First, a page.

# Back-Propagation is very simple. Who made it Complicated ?

## Learning Outcome: You will be able to build your own Neural Network on a Paper.

Almost 6 months back when I first wanted to try my hands on Neural network, I scratched my head for a long time on how Back-Propagation works. When I talk to peers around my circle, I see a lot of people facing this problem. Most people consider it as a black-box and use libraries like Keras, TensorFlow and PyTorch which provide automatic differentiation. Though it is not necessary to write your own code on how to compute gradients and backprop errors, having knowledge on it helps you in understanding a few concepts like Vanishing Gradients, Saturation of Neurons and reasons for random initialization of weights

#### More about why is it important to Understand?

Andrej Karapathy wrote a blog-post on it and I found it useful.

**Yes you should understand backprop**

*When we offered CS231n (Deep Learning class) at Stanford, we intentionally designed the programming assignments to…*medium.com

#### Approach

- Build a small neural network as defined in the architecture below.
- Initialize the weights and bias randomly.
- Fix the input and output.
- Forward pass the inputs. calculate the cost.
- compute the gradients and errors.
- Backprop and adjust the weights and bias accordingly

#### Architecture:

- Build a Feed Forward neural network with 2 hidden layers. All the layers will have 3 Neurons each.
- 1st and 2nd hidden layer will have Relu and sigmoid respectively as activation functions. Final layer will have Softmax.
- Error is calculated using cross-entropy.

#### Initializing the network

I have taken inputs, weights and bias randomly

#### Layer-1

Matrix Operation:

Relu operation:

Example:

#### Layer-2

Matrix operation:

Sigmoid operation:

Example:

#### Layer-3

Matrix operation:

Softmax operation:

Example:

**Edit1: As ****Jmuth**** pointed out in the comments, the output from softmax would be [0.19858, 0.28559, 0.51583] instead of [0.26980, 0.32235, 0.40784]. I have done a/sum(a) while the correct answer would be exp(a)/sum(exp(a)) . Please adjust your calculations from here on using these values. Thank you.**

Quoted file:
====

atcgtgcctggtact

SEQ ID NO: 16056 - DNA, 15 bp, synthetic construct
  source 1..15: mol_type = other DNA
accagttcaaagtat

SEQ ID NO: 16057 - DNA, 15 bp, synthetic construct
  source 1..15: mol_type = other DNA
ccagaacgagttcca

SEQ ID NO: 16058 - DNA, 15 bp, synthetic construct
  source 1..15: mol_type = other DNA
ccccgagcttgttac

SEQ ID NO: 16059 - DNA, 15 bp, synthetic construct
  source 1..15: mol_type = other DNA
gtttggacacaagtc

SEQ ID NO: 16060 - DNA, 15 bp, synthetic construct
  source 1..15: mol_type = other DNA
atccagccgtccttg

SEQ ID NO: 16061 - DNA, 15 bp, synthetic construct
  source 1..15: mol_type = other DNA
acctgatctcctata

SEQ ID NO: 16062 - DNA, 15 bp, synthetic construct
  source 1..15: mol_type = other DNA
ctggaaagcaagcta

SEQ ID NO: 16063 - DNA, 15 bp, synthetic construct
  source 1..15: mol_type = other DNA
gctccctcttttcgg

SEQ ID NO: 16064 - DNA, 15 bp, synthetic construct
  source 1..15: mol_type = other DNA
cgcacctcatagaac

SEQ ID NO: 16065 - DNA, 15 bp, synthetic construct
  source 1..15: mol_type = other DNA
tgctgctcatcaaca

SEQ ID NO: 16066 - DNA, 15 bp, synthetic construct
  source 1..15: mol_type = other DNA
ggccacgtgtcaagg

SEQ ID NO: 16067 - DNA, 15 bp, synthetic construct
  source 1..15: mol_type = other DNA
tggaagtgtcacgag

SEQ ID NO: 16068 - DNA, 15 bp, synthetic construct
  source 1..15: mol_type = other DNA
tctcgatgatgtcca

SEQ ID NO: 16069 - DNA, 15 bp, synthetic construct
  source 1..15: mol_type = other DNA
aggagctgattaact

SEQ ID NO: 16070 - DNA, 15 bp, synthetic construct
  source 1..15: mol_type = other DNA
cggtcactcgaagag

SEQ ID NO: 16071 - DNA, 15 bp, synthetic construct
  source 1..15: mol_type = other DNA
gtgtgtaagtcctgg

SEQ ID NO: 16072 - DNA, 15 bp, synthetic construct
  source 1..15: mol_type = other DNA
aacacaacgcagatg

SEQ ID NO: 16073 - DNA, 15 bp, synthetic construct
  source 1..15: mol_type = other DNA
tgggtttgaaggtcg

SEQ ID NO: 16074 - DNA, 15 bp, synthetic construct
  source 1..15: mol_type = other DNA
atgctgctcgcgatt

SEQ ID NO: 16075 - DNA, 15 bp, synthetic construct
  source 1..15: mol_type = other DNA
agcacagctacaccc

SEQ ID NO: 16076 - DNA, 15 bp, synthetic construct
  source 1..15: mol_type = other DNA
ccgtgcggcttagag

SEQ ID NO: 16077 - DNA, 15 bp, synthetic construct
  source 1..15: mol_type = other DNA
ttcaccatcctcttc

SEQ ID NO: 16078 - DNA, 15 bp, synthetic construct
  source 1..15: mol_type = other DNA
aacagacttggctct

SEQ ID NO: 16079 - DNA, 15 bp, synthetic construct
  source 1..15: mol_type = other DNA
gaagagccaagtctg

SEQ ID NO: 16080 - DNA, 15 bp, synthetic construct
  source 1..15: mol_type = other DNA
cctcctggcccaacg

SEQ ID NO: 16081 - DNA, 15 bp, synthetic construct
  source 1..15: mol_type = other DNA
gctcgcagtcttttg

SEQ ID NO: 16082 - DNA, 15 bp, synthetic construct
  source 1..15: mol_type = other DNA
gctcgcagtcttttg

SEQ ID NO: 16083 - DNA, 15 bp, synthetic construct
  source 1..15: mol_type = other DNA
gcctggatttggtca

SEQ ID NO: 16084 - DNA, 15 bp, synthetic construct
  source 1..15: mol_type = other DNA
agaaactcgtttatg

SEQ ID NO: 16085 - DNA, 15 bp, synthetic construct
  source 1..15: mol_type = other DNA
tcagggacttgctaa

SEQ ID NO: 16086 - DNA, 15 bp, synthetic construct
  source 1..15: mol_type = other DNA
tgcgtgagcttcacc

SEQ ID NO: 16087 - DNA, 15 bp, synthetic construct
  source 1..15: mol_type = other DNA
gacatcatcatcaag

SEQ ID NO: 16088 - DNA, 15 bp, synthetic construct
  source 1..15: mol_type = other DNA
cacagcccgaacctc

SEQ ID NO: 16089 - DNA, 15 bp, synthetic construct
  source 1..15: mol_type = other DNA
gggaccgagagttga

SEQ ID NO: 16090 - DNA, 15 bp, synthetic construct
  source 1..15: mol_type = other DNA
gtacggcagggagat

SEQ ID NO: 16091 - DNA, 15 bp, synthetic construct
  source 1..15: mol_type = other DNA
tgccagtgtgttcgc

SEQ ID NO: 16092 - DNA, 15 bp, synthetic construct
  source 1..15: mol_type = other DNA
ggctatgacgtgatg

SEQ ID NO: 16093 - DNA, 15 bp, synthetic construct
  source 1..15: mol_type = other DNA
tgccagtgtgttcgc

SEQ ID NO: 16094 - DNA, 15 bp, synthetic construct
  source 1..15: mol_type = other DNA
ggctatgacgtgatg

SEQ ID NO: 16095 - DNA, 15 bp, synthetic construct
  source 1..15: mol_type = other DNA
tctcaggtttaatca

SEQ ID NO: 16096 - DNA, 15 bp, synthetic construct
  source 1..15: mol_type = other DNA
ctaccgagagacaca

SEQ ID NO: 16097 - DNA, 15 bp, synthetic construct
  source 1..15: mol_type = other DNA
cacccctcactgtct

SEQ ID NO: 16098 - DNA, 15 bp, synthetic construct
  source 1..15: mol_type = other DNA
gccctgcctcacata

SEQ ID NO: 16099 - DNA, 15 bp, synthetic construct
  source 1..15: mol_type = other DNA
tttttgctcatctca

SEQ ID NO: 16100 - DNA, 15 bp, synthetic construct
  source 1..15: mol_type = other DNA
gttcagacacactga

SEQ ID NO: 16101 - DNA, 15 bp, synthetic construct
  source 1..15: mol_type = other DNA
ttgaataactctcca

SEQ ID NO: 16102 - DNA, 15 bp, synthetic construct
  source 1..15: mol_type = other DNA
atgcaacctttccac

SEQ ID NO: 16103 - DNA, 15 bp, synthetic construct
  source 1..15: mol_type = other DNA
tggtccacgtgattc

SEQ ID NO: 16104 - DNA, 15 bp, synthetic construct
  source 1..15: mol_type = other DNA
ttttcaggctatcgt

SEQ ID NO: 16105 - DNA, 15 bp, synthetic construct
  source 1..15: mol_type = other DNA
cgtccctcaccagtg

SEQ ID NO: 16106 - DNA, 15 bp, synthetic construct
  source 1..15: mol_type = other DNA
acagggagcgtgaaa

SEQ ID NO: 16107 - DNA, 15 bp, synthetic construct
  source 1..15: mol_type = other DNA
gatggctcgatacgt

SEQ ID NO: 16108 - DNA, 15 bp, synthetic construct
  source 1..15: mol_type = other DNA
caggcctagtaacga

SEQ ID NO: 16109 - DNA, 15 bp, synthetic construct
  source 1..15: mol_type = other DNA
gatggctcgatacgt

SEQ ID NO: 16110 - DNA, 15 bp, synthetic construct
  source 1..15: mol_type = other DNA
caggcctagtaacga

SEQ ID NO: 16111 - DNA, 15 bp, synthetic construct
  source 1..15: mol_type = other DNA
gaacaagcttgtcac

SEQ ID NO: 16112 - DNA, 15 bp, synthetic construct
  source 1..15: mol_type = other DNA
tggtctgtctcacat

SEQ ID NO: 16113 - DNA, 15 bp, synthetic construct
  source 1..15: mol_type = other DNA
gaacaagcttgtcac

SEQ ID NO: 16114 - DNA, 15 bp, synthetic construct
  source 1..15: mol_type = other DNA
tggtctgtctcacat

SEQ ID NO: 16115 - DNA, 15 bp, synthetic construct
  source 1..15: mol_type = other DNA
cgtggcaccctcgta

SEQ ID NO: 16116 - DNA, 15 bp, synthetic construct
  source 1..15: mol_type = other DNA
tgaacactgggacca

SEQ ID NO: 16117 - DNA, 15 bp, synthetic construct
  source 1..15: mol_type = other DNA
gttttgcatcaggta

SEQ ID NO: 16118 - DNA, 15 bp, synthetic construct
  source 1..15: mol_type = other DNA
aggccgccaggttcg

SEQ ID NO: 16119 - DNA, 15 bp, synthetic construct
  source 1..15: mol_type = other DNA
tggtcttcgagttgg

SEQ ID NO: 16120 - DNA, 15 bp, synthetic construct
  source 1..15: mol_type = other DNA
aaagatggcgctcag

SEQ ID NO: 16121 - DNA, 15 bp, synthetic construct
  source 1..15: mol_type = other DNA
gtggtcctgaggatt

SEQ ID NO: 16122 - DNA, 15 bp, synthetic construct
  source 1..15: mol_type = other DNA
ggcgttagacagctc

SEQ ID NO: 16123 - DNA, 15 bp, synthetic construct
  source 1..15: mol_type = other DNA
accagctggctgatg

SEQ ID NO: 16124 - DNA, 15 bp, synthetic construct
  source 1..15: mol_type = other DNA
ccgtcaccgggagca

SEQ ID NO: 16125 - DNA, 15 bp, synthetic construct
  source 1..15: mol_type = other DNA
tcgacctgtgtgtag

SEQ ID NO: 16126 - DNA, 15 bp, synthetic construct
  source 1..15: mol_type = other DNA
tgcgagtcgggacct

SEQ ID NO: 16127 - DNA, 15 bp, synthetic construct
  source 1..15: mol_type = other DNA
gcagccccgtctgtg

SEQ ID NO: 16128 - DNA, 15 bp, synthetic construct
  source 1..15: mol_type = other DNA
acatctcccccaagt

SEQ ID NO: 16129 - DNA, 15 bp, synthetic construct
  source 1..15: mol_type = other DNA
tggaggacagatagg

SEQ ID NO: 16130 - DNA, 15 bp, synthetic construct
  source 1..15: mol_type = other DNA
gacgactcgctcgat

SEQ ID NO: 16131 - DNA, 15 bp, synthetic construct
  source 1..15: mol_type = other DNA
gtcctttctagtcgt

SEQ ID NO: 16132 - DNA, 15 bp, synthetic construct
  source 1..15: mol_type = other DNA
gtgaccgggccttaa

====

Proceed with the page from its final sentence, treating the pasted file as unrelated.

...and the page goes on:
Analysis:

- The Actual Output should be [1.0, 0.0, 0.0] but we got [0.2698, 0.3223, 0.4078].
- To calculate error lets use cross-entropy

#### Error:

Cross-Entropy:

Example:

We are done with forward pass. Now let us see backward pass

### Important Derivatives:

#### Sigmoid:

#### Relu:

#### Softmax:

### BackPropagating the error — (Hidden Layer2 — Output Layer) Weights

Let us calculate a few derivatives upfront so these become handy and we can reuse them whenever necessary. Here are we are using only one example (batch_size=1), if there are more examples, We just need to average everything.

By symmetry we can calculate other derivatives also

In our example,

Next let us calculate the derivative of each output with respect to their input.

By symmetry we can calculate other derivatives also

In our example,

For each input to neuron let us calculate the derivative with respect to each weight. Now let us look at the final derivative

By symmetry we can calculate other derivatives also

Finally Let us calculate the change in

Which will be simply

Using Chain Rule:

By symmetry:

All of the above values are calculated before. We just need to substitute the results.

Considering a learning rate of 0.01 we get our final weight matrix as

So, We have calculated new weight matrix for W_{kl}. Now let us move to the next layer: